The title in itself is already something; however, this is not a product made by IKEA , but it comes inspired by the Swedish lifestyle IKE offers. Hack Care – A DIY stylebook for dementia-friendly homes has been designed by Singapore’s philanthropic foundation Lien. You will find creative modifications that help people living with dementia facilitate their every day in their homes.
Styled like an IKEA catalog by Lanzavecchia + Wai and unveiled in September during World Alzheimer’s Month, the printed work comprises more than 50 hacks and tricks, essays, and stories to inspire and give creative guidelines to those whoa re affected by the condition and their families.
And though the outcome captivates through the familiarity of the the IKEA aesthetics, Hack Care combines the design and research insights of Lekker Architects, Lanzavecchia + Wai Design Studio, the Alzheimer’s Disease Association(ADA), Brahm Centre and Khoo Teck Puat Hospital who shared their collective wisdom you see compressed in 240 pages.
Living with dementia is daunting, and our everyday home environments do not always anticipate or meet the unique needs of people battling cognitive and physical frailty.”- Lee Poh Wah, CEO of the Lien Foundation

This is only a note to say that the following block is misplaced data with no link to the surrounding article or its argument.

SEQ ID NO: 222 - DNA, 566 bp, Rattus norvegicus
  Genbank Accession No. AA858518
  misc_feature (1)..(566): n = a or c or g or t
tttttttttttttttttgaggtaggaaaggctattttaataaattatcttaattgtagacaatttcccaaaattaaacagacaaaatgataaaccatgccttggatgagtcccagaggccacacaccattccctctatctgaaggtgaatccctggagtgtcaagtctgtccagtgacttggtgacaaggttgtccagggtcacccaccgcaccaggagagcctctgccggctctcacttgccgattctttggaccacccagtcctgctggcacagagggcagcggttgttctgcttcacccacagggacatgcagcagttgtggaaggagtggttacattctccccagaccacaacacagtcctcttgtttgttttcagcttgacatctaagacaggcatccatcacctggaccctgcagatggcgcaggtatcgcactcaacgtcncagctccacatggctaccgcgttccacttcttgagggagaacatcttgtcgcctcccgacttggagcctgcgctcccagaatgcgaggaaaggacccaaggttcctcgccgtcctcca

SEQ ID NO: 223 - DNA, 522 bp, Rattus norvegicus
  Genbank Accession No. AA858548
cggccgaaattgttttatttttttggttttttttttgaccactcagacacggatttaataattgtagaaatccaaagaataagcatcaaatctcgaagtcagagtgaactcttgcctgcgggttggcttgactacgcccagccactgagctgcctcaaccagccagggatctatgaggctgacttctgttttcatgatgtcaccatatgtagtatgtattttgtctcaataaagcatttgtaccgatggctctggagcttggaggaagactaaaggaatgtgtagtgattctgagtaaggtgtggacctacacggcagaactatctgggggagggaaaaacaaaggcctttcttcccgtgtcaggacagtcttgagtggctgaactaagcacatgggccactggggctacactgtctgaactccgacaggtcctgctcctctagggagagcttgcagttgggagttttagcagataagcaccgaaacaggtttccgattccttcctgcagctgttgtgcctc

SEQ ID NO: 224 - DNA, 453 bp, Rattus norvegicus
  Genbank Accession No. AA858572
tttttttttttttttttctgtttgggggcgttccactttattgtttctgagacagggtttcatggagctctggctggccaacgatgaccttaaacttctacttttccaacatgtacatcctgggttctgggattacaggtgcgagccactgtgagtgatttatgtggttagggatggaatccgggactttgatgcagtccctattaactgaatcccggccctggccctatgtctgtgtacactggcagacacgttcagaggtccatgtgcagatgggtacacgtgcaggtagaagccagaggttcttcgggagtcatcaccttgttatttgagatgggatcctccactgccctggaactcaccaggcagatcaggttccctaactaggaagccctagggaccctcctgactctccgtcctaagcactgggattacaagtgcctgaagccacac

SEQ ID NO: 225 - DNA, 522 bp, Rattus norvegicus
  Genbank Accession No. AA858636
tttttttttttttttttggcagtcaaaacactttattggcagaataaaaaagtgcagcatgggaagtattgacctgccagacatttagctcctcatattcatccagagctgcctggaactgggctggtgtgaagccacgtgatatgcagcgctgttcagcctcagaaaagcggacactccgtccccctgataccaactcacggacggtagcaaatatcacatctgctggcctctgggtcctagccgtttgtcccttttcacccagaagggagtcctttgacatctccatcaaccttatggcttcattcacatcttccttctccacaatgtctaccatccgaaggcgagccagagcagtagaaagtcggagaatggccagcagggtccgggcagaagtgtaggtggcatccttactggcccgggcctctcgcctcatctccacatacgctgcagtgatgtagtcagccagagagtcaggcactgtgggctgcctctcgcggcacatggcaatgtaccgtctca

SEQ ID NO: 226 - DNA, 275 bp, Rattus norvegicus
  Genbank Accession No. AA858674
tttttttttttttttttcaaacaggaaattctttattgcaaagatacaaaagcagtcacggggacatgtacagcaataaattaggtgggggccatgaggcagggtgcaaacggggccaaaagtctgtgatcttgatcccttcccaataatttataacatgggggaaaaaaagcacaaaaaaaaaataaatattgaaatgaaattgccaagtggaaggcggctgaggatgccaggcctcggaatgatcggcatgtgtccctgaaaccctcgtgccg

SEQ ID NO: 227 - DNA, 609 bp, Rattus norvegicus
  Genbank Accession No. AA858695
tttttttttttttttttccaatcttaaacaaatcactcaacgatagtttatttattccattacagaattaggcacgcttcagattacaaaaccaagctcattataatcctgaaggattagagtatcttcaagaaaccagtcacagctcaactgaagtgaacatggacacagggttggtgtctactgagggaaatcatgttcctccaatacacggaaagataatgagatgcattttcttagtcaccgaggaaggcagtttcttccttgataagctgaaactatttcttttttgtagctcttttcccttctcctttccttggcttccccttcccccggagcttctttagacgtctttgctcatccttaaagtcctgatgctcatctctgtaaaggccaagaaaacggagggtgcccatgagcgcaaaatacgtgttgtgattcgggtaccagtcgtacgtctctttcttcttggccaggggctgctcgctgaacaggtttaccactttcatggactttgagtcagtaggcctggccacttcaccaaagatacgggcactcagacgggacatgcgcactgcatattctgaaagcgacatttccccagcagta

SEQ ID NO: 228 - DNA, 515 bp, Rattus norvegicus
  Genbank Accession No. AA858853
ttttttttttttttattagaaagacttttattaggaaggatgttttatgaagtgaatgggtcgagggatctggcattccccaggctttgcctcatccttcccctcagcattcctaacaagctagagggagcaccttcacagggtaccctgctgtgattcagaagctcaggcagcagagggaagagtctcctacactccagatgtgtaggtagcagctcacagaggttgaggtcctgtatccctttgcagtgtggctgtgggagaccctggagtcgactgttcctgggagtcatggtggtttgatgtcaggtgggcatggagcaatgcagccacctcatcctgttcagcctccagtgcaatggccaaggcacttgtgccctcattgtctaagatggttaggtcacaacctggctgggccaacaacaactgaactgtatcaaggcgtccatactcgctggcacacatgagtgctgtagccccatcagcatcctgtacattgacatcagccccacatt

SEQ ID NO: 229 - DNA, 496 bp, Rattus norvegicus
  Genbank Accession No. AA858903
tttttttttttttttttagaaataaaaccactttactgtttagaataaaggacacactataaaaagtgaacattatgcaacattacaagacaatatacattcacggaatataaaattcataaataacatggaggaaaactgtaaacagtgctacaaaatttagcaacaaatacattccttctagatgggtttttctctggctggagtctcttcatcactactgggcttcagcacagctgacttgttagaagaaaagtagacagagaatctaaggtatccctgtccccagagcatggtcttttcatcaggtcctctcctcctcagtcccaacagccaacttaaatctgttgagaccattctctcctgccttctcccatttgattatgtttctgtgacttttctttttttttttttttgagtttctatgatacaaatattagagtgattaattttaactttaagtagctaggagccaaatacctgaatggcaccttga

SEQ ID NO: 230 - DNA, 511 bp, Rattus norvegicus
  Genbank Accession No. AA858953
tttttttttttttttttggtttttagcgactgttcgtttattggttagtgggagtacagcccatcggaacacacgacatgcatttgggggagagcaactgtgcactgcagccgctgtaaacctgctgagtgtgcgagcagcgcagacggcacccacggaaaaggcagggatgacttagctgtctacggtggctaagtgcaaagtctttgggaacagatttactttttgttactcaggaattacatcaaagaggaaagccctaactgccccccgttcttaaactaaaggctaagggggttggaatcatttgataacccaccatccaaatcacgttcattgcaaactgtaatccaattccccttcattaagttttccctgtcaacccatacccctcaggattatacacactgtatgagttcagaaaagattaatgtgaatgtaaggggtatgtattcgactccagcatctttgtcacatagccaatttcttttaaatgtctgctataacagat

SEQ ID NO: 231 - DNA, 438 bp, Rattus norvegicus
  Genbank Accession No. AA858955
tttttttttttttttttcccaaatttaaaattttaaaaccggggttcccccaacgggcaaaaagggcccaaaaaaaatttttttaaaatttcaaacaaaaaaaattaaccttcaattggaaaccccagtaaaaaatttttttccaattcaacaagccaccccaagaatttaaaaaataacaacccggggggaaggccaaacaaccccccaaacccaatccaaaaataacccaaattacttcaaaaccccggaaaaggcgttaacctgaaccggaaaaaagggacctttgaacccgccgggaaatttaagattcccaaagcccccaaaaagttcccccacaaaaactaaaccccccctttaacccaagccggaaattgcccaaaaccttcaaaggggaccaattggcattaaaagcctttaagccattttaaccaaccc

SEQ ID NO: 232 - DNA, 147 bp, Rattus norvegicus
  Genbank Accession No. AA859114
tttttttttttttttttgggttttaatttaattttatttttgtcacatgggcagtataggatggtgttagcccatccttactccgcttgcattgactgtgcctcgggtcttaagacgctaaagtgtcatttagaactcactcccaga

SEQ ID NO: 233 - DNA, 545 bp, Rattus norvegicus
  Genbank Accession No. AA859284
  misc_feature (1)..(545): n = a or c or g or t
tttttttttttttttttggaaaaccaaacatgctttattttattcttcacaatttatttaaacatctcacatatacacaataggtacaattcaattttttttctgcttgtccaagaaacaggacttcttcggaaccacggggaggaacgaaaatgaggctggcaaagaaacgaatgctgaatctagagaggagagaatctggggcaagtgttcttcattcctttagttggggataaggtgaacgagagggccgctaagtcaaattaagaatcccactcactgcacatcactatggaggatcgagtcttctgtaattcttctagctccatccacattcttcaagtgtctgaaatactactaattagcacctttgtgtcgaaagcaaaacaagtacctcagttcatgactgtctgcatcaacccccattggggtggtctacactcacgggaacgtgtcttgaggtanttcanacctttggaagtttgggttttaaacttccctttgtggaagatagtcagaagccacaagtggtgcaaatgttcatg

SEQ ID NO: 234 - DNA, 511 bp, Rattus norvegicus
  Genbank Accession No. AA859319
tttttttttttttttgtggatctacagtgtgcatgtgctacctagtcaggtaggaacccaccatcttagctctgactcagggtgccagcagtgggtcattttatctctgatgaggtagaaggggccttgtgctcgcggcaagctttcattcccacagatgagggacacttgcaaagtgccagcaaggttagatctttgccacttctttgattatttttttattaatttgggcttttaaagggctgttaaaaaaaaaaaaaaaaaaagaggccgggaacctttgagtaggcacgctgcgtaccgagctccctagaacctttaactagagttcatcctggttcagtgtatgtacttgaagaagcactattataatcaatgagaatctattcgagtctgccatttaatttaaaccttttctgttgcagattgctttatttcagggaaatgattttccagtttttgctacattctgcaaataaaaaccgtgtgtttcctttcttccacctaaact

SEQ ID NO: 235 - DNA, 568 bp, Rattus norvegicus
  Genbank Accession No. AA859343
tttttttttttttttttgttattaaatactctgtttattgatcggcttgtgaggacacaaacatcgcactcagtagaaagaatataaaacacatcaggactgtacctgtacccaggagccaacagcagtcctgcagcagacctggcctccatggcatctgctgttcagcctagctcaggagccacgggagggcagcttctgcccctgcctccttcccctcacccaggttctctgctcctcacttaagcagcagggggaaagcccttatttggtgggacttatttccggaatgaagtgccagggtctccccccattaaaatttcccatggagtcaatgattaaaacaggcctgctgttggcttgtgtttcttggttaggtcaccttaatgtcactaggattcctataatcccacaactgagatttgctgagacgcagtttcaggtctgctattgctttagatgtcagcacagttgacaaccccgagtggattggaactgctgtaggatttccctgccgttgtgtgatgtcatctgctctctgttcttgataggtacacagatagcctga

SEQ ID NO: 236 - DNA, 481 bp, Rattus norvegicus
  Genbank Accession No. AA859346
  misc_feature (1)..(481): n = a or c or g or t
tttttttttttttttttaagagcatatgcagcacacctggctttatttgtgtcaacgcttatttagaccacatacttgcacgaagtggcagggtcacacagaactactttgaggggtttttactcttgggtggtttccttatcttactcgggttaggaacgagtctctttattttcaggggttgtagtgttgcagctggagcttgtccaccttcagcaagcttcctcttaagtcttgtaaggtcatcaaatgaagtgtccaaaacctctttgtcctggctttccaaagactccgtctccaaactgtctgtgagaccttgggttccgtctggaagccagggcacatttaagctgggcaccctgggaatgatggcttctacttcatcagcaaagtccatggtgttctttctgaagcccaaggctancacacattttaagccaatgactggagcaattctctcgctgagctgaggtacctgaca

The book outlined 10 guiding principles to empower persons with dementia and their caregivers:
1. Let persons with dementia play an active role.
2. Encourage decision-making.
3. Affirm their sense of self.
4. Have simple conveniences within easy reach.
5. Familiarity is comforting.
6. Don’t forget the simple pleasures.
7. Simplify the environment.
8. Do things together.
9. Stay flexible and adaptable.
10. The caregiver matters.
How does care and wellness look like in 2022/23 and where do consumers see a major gap between the wellness they expect from a brand and what they actually get delivered? Our latest trend report The New Care Economy shares new insights, color palettes, workbooks, and audio files.
THE NEW CARE ECONOMY
Consumers have become hyper-focused on wellness and self-care in the past 15 months. As a result, they are more interested in less transaction-based communication and more in what a brand can do for them. How does this spirit look translated into design?